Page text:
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Darren Hayes Credits Adam Lambert For Increasing LGBT Support In Pop Culture

Chicago, IL — In a Billboard interview, out singer Darren Hayes credits Adam Lambert for increasing LGBT support in pop culture.

The 45-year-old Australian singer was the frontman of the pop duo Savage Garden until its breakup in 2001. The following year, Hayes released his first solo album, Spin.

Hayes, who entered a British civil partnership with Richard Cullen in 2006, told Billboard about how he learned about his sexuality.

"The first time I consciously knew I might be gay was sometime during promotion for the first Savage Garden album," Hayes said. "I was traveling the world and meeting obviously gay men, or men that were gay, but didn't fit the small stereotype the media had portrayed to me. I remember thinking maybe I was gay but I didn't do anything about it. At my Australian record label I recall having what I thought was a secret crush on an advertising executive named Justin. I thought no one knew."

"My publicist at the time got me aside and bluntly asked me, 'Are you gay?' I was so taken aback. I showed her my wedding ring and said 'I'm married!' and she said, 'How come you blush every time Justin walks in the room?' It was the first time anyone had ever seen behind my facade, exposed something so secret that I didn't even admit it to myself."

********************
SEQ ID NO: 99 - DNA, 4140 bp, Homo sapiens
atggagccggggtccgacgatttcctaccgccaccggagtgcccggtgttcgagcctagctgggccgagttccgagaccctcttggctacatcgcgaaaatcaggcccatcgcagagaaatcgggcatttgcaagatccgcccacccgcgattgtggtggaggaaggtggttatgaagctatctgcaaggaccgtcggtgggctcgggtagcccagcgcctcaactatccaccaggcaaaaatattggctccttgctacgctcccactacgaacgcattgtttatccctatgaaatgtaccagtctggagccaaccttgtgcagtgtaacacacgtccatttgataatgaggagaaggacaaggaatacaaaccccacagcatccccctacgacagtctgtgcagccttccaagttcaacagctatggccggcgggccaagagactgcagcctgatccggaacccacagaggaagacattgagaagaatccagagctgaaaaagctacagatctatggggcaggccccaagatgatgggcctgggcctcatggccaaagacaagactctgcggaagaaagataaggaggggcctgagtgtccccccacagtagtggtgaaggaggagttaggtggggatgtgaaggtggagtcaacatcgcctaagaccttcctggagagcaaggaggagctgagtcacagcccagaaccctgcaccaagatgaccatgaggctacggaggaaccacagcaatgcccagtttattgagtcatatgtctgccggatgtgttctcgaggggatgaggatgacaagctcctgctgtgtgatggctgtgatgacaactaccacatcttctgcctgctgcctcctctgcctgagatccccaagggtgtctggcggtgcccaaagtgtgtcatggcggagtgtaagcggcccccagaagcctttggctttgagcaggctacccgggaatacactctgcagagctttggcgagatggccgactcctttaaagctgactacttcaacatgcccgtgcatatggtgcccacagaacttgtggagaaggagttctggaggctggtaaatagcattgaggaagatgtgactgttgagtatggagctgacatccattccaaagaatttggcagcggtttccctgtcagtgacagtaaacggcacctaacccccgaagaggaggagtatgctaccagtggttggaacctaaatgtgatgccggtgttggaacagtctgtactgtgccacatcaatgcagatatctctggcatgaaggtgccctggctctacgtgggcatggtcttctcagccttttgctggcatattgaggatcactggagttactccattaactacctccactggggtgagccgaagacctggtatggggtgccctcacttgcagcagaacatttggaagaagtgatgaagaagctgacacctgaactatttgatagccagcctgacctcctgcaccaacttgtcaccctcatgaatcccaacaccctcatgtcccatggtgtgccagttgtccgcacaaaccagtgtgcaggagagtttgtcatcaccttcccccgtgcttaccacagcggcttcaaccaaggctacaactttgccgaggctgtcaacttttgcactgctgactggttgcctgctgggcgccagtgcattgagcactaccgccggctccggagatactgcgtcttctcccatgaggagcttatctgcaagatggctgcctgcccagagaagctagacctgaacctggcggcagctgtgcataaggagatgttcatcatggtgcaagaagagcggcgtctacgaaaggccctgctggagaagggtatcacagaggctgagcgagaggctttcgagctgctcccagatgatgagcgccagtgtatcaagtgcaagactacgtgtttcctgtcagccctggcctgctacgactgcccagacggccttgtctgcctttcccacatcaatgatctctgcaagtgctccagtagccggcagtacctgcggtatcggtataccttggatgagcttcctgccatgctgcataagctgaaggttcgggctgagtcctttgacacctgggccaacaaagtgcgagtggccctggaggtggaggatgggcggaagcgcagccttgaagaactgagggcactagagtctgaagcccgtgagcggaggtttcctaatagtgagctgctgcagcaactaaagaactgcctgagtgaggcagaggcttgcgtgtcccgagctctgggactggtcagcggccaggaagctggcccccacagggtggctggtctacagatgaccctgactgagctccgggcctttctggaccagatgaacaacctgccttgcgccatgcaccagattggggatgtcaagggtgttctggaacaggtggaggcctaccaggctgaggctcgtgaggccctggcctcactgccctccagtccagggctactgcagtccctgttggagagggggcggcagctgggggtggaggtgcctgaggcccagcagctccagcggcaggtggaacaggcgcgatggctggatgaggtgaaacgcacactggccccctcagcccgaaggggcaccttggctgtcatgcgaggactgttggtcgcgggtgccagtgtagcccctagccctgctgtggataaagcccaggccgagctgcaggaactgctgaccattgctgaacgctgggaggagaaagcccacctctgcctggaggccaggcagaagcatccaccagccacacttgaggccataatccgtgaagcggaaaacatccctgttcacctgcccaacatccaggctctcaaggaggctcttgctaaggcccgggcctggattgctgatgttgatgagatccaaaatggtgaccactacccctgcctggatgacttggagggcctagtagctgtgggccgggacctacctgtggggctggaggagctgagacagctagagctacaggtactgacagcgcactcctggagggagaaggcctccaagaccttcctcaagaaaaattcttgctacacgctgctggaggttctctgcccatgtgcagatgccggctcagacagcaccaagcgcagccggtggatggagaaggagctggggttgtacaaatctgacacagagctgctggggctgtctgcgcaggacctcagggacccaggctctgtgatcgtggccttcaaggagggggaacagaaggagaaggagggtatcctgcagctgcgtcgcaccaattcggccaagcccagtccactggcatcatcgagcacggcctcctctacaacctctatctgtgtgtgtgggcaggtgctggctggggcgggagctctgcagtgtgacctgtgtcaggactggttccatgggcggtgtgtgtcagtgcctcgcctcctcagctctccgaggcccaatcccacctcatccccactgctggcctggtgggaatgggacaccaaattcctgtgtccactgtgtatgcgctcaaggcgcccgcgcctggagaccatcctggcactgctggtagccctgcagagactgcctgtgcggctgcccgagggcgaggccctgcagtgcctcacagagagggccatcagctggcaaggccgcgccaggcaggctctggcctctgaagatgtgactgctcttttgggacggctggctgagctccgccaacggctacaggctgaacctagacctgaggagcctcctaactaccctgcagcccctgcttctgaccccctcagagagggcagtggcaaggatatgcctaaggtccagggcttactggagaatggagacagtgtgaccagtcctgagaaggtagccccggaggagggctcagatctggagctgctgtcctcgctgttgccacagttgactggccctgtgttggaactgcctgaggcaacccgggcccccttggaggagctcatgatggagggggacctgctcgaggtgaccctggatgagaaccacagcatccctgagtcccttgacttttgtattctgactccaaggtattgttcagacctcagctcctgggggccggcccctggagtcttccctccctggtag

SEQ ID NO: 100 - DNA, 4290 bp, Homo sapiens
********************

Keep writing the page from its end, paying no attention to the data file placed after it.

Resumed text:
"That's when the conversation started, and truthfully it was a painful journey. I didn't want to be gay. I loved my wife, we were trying to have children and I knew I was going to lose the fantasy of a white picket fence and the family I wanted that I'd never had as a child. It was a year of marriage counseling and conversations with our families before we realized I had to live a different life. I came out before I'd even held a man's hand, let alone kiss a man!" he added.

When asked, "What do you think was the most groundbreaking event in pop culture that has helped this shift towards LGBTQ acceptance since 2000?" Hayes answered: Adam Lambert on American Idol.

"Hands down. He smashed down the door of the closet. I loved Adam's image. It was an extension of his sexuality. It was bold and unapologetically theatrical. He expressed himself loudly, dramatically, and did not give a damn whether it was palatable to conservative values. I loved that he wore makeup, nail polish and experimented with his hair. He didn't have to come out because he was never in. I think his success proved you can be out, proud and successful by beginning your career presenting yourself as authentically as possible," Hayes said.

Hayes currently has two comedy podcasts – The He Said He Said Show and We Paid To See This – and is writing an original musical.
Article provided in partnership with On Top Magazine
 
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